For the Brass orientation, specific calculations are made as power-law anisotropy develops in both Al and Cu (§7b). It is shown that, for *n*≥100, the lattice rotation equals a purely elastic, rate-independent value (to at least five significant figures) due solely to horizontal lattice-shearing (table 3), which is negligible, thereby a result consistent with experimentally established lattice stability in the Brass orientation. Moreover, the crystal shear-rate approaches the rigid/plastic rate-independent value

## Data accessibility

All data are available in the manuscript.

## Authors' contributions

I am sole author on this manuscript.

## Competing interests

I have no competing interests.

## Funding

I have no funding for this work.

## Acknowledgements

I thank Heramb Mahajan, MSc student in Civil Engineering, for preparing the computer-generated figures 3 and 5 from my hand-plotted data and equations.

## Appendix A. A deductive basis for the anisotropic power-law inequalities

To more easily understand the causes of significant differences between predictions of rate-independent theory and the isotropic power law in range I, corresponding to finite lattice rotation, we shall disregard the very small effects of lattice strains in the finite-deformation equations. Then, upon changing to differentiation with respect to *e*_{L}, the equations for *ϕ*′ and *d*_{yy}=0 having been used to eliminate slip-rates *b*=2:
*d*_{yy}=0)
*b*=2 is simply

As systems 7, 8 are unstressed at *b*=2 (from equation (2.3)), *γ*′_{7}=0 for any power law and equations (A2)–(A3) become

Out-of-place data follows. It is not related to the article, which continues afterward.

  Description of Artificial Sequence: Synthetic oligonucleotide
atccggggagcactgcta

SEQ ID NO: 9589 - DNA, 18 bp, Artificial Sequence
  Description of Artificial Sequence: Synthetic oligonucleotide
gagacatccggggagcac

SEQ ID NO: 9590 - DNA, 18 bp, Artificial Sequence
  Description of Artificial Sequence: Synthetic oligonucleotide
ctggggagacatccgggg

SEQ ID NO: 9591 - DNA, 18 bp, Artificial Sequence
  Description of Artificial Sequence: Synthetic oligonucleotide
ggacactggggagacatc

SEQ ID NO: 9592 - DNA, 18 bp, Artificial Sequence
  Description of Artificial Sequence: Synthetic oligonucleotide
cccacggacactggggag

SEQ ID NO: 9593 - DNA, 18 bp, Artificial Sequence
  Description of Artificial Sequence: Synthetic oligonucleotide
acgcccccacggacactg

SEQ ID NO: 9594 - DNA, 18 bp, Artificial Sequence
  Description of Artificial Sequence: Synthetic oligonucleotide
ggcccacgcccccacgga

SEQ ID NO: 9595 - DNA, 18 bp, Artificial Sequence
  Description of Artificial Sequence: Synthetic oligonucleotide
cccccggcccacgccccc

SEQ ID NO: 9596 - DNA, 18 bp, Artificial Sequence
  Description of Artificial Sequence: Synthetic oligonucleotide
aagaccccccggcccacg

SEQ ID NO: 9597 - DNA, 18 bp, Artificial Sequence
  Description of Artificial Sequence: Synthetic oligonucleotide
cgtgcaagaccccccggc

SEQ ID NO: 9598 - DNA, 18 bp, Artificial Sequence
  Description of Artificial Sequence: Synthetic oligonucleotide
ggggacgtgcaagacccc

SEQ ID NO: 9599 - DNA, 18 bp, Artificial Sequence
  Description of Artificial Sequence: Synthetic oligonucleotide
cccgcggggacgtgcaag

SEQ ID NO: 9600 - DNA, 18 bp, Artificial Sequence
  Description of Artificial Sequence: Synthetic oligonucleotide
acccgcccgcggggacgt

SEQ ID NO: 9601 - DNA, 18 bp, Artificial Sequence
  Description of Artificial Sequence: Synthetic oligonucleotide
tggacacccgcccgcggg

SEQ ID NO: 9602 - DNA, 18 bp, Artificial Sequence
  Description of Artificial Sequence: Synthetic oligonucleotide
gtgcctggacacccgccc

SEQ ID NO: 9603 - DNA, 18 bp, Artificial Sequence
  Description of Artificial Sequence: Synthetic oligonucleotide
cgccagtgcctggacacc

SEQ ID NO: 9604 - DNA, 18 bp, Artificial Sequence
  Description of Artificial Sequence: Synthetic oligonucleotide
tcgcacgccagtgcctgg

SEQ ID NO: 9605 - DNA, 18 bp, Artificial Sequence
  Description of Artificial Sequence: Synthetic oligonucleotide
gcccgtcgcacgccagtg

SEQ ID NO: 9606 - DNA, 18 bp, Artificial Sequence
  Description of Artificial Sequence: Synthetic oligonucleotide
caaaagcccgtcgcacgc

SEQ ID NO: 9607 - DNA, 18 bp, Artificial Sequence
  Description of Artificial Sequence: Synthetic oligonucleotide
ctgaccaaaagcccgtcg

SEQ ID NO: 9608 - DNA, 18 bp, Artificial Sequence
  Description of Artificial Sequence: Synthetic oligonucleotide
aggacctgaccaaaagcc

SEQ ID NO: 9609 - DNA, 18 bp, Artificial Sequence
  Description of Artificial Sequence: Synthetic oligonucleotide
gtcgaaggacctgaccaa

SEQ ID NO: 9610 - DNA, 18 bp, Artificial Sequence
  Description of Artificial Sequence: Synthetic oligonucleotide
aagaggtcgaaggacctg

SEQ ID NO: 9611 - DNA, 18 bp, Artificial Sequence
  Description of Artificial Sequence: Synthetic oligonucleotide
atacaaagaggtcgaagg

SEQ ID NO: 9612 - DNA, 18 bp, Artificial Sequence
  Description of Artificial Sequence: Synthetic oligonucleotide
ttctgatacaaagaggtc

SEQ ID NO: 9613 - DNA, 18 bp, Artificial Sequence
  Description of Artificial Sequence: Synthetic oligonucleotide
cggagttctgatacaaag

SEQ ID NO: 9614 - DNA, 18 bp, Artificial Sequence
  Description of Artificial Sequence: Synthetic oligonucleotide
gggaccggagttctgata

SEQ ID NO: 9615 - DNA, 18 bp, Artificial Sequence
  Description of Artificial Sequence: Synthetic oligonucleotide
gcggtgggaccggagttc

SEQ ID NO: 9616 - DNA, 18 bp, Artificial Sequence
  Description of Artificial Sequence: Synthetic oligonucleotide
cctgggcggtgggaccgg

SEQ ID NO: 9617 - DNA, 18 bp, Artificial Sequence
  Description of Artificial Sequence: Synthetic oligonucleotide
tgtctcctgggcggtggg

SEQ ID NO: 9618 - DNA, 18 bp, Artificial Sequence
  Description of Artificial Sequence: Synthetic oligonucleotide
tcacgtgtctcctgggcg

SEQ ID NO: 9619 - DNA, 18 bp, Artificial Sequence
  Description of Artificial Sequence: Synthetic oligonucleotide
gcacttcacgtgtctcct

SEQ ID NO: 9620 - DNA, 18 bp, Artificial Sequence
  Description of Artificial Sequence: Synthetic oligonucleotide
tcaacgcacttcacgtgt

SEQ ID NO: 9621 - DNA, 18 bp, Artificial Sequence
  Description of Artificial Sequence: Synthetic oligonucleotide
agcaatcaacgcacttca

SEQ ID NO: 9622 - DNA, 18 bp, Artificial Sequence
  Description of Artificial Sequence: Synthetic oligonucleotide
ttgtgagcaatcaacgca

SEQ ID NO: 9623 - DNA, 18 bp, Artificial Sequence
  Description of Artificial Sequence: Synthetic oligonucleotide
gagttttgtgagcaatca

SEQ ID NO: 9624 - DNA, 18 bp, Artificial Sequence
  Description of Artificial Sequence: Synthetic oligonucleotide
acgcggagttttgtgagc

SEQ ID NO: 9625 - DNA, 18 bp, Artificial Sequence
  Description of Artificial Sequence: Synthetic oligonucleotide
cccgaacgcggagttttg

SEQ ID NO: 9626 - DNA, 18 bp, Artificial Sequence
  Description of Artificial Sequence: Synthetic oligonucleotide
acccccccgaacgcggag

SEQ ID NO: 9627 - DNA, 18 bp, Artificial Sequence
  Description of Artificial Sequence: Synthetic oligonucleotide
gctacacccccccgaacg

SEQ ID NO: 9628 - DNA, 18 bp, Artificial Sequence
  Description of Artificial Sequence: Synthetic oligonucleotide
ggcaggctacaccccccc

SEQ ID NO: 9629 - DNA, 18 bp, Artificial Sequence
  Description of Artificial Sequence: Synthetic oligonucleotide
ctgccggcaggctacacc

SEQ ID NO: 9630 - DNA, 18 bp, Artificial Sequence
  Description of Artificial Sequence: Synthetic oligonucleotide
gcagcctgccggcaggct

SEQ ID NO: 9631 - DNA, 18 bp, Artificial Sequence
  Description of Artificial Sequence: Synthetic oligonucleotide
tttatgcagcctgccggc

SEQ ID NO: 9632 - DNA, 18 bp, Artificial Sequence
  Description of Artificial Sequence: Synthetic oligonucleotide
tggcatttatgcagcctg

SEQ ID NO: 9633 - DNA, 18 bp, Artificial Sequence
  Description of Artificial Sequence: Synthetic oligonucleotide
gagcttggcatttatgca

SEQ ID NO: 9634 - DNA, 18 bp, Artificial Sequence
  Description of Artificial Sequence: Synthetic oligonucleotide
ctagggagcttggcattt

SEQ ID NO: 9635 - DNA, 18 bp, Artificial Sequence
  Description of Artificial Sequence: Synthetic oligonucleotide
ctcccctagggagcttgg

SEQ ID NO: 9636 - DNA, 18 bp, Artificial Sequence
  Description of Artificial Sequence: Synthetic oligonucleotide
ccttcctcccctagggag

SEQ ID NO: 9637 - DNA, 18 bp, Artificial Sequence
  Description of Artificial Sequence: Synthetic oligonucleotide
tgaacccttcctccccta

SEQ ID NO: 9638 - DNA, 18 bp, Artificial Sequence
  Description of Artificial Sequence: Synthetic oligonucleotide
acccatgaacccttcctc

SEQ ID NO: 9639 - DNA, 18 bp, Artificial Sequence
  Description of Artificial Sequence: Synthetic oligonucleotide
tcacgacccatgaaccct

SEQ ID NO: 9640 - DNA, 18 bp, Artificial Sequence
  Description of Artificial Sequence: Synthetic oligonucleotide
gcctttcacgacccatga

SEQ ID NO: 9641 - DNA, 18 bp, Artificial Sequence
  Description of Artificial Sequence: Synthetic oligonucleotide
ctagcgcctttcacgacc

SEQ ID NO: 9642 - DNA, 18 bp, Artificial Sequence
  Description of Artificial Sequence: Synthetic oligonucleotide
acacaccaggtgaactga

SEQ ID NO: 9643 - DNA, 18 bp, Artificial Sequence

For the isotropic power law, it is found that ([12], §6.3.1 and table 9) *n*≥50, each only half the rate-independent value, and *γ*′_{3}. From equation (A4)_{3}, this obviously can be achieved by decreasing *γ*′_{5} and increasing *γ*′_{9}, the latter requiring a decrease in *γ*′_{1} from equation (A3)_{1}. With the slip-rates inversely proportional to the *n*th power of the reference stresses (equation (4.3)), the desired changes are consistent with *γ*′_{7}=0 at *b*=2.

Consider the second of these desired inequalities. From equation (4.4),
*γ*′_{9}→0 for large *n* in the isotropic power law, and equation (A3)_{1} must always be satisfied, we may expect *γ*′_{1}>*γ*′_{9} for moderate changes in the *h*_{α} from equal values. Thus, the inequality is satisfied by *h*_{V}>*h*_{II} and *h*_{III}>*h*_{II}.

The other inequality is (from equation (4.4))
*γ*′_{1} and *γ*′_{5}, and express this as

As we seek a *γ*′_{3} value greater than the limit-result *n*) at *b*=2, we require the right-hand side of equation (A6) to exceed *h*_{III}>*h*_{I}, *h*_{V}+*h*_{IV}>2*h*_{III} and *h*_{II}>*h*_{I}.

The combination of the latter two inequalities, equations (A6) and (A7), may be written

From the above inequalities among the *h*_{α}, the multiplier {2(*h*_{V}+*h*_{IV})−*h*_{III}−3*h*_{I}} is positive, as is each term on the right-hand side, from which

In summary, we have shown that inequalities
*γ*′_{3} is greater than its isotropic power-law value, from which *ϕ*′ will increase and *b*=2, as sought. Equation (A9) is fully consistent with (although slightly less restrictive than)
*h*_{V}>*h*_{IV}≥*h*_{III}>*h*_{II}>*h*_{I}>0 and *precisely parallel the* *inequalities among slip-systems hardening moduli H*_{α}, equation (3.3) (from eqn (104) in [13], deduced therein from analyses of various axial-load experiments on fcc crystals, as noted in §3 here). We, therefore, adopt equation (A10), identically equation (4.5) of §4, as a key part of the proposed anisotropic power law.

- Received August 17, 2015.
- Accepted December 14, 2015.

- © 2016 The Author(s)

Published by the Royal Society. All rights reserved.